Film and drama Opinion

The crawdads are singing, but their tune is humdrum

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A young girl is accused of murder and must face her ultimate fight for survival against prejudice and the legal system. Digital editor Dan Jensen takes a look at the latest film being discussed by avid book fans.

WHERE THE CRAWDADS SING is a new film directed by Olivia Newman based on the novel written by Delia Owens. Part murder mystery, part coming-of-age drama, the film was released to a wave of hype due to the source material being acclaimed as one of the best-selling books of all time.

The film tells the story of Catherine “Kya” Clark (Daisy Edgar-Jones), a young girl growing up in the North Carolina marshes in the 1950s. Abandoned by her family due to abuse at the hands of her father (Garret Dillahunt) and left to survive from a very young age, Kya discovers a talent for documenting the local flora and fauna through illustrations. In her teen years, she falls in and out of love with some of the local young men, one being a quarterback named Chase Andrews (Harris Dickinson). Eventually, Chase falls victim to suspected foul play and his murder is blamed on Kya, who faces the death penalty if found guilty.

Where The Crawdads Sing explores themes of independence, courage and inclusivity. It’s as rich with themes as the cinematography is painted with lavish landscapes of green marshes under gorgeous sunrise skies. The film is truly beautiful to look at throughout much of the two-hour run time. But the heart of the story lies in the character of Kya, who is brought to life through some terrific direction and an outstanding performance by Edgar-Jones.

Kya’s life story is engaging and a real joy to watch unfold. It’s impossible not to fall in love with her and genuinely hope her story arc ends in triumph. As a child, she finds the courage to stand up to great adversity in her life and that bravery carries on through her formative years. Daisy Edgar-Jones proves to be a solid actress here and every emotional beat is completely believable and interesting.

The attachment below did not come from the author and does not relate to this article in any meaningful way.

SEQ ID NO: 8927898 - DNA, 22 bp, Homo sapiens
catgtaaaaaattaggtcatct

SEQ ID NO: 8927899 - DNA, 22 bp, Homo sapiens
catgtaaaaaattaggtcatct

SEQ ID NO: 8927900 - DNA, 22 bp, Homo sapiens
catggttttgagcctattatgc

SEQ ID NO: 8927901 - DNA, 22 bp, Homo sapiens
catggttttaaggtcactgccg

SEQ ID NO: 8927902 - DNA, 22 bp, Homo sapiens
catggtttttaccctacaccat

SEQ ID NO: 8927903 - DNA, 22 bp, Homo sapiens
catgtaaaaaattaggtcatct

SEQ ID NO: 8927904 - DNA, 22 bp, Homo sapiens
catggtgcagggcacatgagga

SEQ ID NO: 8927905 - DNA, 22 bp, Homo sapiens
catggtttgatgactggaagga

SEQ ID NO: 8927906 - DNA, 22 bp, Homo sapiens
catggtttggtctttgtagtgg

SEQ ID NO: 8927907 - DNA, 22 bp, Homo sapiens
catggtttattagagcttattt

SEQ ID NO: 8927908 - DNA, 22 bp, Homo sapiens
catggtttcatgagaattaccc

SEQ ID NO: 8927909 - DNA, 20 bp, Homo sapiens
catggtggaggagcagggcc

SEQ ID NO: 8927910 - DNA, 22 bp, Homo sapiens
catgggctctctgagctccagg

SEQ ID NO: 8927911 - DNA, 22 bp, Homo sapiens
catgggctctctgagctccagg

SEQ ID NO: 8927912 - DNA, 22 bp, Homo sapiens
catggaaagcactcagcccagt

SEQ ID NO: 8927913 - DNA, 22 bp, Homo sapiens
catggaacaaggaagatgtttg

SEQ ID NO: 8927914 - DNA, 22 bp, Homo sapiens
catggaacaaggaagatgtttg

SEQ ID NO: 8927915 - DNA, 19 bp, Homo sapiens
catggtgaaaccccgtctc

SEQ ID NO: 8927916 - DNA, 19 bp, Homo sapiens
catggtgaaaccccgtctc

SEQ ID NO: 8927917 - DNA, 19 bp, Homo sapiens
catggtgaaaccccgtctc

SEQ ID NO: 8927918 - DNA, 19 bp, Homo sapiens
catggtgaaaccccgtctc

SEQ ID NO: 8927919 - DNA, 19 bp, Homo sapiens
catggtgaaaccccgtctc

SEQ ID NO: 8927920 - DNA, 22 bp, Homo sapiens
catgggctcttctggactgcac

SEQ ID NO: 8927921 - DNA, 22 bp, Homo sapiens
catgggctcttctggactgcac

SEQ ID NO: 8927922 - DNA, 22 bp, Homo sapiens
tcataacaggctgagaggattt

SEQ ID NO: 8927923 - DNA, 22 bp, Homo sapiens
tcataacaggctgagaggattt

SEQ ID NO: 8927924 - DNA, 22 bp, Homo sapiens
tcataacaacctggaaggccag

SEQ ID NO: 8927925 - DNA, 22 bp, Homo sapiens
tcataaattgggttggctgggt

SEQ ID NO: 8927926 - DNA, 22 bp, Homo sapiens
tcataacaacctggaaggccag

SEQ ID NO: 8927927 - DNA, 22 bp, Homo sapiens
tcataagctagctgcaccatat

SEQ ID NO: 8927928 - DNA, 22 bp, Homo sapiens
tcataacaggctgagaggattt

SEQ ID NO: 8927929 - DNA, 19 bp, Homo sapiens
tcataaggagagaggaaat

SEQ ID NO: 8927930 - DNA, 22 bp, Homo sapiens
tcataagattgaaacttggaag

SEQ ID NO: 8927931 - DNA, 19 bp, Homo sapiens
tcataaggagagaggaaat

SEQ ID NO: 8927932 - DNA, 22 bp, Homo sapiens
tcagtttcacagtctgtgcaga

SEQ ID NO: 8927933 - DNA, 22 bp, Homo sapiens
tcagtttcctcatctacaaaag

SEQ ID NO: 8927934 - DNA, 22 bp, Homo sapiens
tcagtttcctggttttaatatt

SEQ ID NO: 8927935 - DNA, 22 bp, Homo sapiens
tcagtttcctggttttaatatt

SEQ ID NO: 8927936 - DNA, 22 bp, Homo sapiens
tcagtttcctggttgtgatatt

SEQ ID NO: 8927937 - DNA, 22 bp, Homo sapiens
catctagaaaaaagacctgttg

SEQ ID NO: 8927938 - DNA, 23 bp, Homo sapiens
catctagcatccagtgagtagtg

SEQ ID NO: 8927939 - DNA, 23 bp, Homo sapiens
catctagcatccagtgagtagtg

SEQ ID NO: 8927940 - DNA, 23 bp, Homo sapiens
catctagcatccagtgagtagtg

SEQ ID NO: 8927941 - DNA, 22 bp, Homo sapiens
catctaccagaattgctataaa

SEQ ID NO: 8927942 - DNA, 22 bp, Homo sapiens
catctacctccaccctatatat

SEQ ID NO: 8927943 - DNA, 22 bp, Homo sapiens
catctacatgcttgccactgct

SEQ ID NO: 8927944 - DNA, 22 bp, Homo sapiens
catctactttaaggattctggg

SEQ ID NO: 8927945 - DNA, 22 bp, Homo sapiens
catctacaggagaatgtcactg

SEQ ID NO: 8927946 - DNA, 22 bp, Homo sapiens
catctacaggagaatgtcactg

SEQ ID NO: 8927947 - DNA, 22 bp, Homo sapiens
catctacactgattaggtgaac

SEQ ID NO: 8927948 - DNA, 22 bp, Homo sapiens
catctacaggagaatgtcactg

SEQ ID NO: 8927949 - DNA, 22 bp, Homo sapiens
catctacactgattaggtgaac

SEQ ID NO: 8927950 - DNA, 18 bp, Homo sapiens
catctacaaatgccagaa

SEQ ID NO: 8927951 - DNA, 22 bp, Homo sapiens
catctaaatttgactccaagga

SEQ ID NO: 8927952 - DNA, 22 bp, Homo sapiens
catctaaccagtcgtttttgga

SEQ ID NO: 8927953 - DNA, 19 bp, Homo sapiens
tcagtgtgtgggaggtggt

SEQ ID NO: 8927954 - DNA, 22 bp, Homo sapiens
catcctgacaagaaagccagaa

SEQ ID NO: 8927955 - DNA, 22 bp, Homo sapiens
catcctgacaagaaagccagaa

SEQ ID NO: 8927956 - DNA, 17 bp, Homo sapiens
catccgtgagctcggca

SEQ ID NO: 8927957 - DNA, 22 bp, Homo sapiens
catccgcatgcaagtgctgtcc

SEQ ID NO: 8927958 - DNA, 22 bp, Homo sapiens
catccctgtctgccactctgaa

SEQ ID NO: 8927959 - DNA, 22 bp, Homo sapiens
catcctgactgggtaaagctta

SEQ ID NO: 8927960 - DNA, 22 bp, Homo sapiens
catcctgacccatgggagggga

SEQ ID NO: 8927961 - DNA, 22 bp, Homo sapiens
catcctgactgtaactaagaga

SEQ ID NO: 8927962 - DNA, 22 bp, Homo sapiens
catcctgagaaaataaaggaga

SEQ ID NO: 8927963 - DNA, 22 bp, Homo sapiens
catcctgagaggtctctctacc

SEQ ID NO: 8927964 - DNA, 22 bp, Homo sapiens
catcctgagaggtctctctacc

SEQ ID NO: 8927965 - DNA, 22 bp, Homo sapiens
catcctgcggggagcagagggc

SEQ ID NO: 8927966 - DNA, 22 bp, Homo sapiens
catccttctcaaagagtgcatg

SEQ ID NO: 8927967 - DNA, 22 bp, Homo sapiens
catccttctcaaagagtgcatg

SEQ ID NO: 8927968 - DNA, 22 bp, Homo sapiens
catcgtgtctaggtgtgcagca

Harris Dickinson is delightfully loathsome as Chase, a character whose body is discovered in the opening of the film and throughout the narrative, it’s easy to understand why someone would want him removed from the land of the living. On the flip side, we have a character named Tate (Taylor John Smith) who is the complete opposite and provides balance to the love triangle. Both actors were fine in their roles and made the characters interesting enough.

Veteran actor David Strathairn rounds out the cast as Tom Milton, a lawyer assigned to Kya’s case and who is determined to save her from execution. While his performance was fine, it’s the murder mystery element that is the film’s weakest part. Unlike great courtroom dramas of the past, such as To Kill A Mockingbird, the crime story here is rather dull.

The film is told in a non-linear fashion, with the murder trial divided by flashbacks of Kya’s life story. But the latter is far more interesting than the trial, which should give the viewer a reason to truly fear for Kya’s fate. But the two stories feel muddled when stitched together and in the end, Where The Crawdads Sing turns out to be a slightly jumbled mess with no real cohesion.

Had the film boasted a gripping murder mystery, it would have been far better and possibly up there with this year’s best films. Had we been able to delve more into the police investigation and known about more evidence (Kya is arrested based on a knitted hat being in her possession and similar threads found on the victim — and that’s all we get), it could have been something great. But as it stands, the murder mystery aspect falls way short of being anywhere near as interesting as watching Kya surviving in the world.

Which is a shame, because Where The Crawdads Sing boasts some wonderful cinematography, captivating performances and authentic production design recreating the periods of the ‘50s and ‘60s. It's worth noting that the end of the film holds quite an enjoyable surprise, but the less said about that for now, the better.

The film has so much going for it and is worth checking out if there’s nothing else on, but overall it’s probably not one that will bring the viewer back for repeat viewings.

Where The Crawdads Sing is now showing in cinemas across Australia.

You can follow digital editor Dan Jensen on Twitter @danjensenmovies or check out his YouTube channel, Movie Talk with Dan Jensen.

Follow Independent Australia on Twitter @independentaus and on Facebook HERE.

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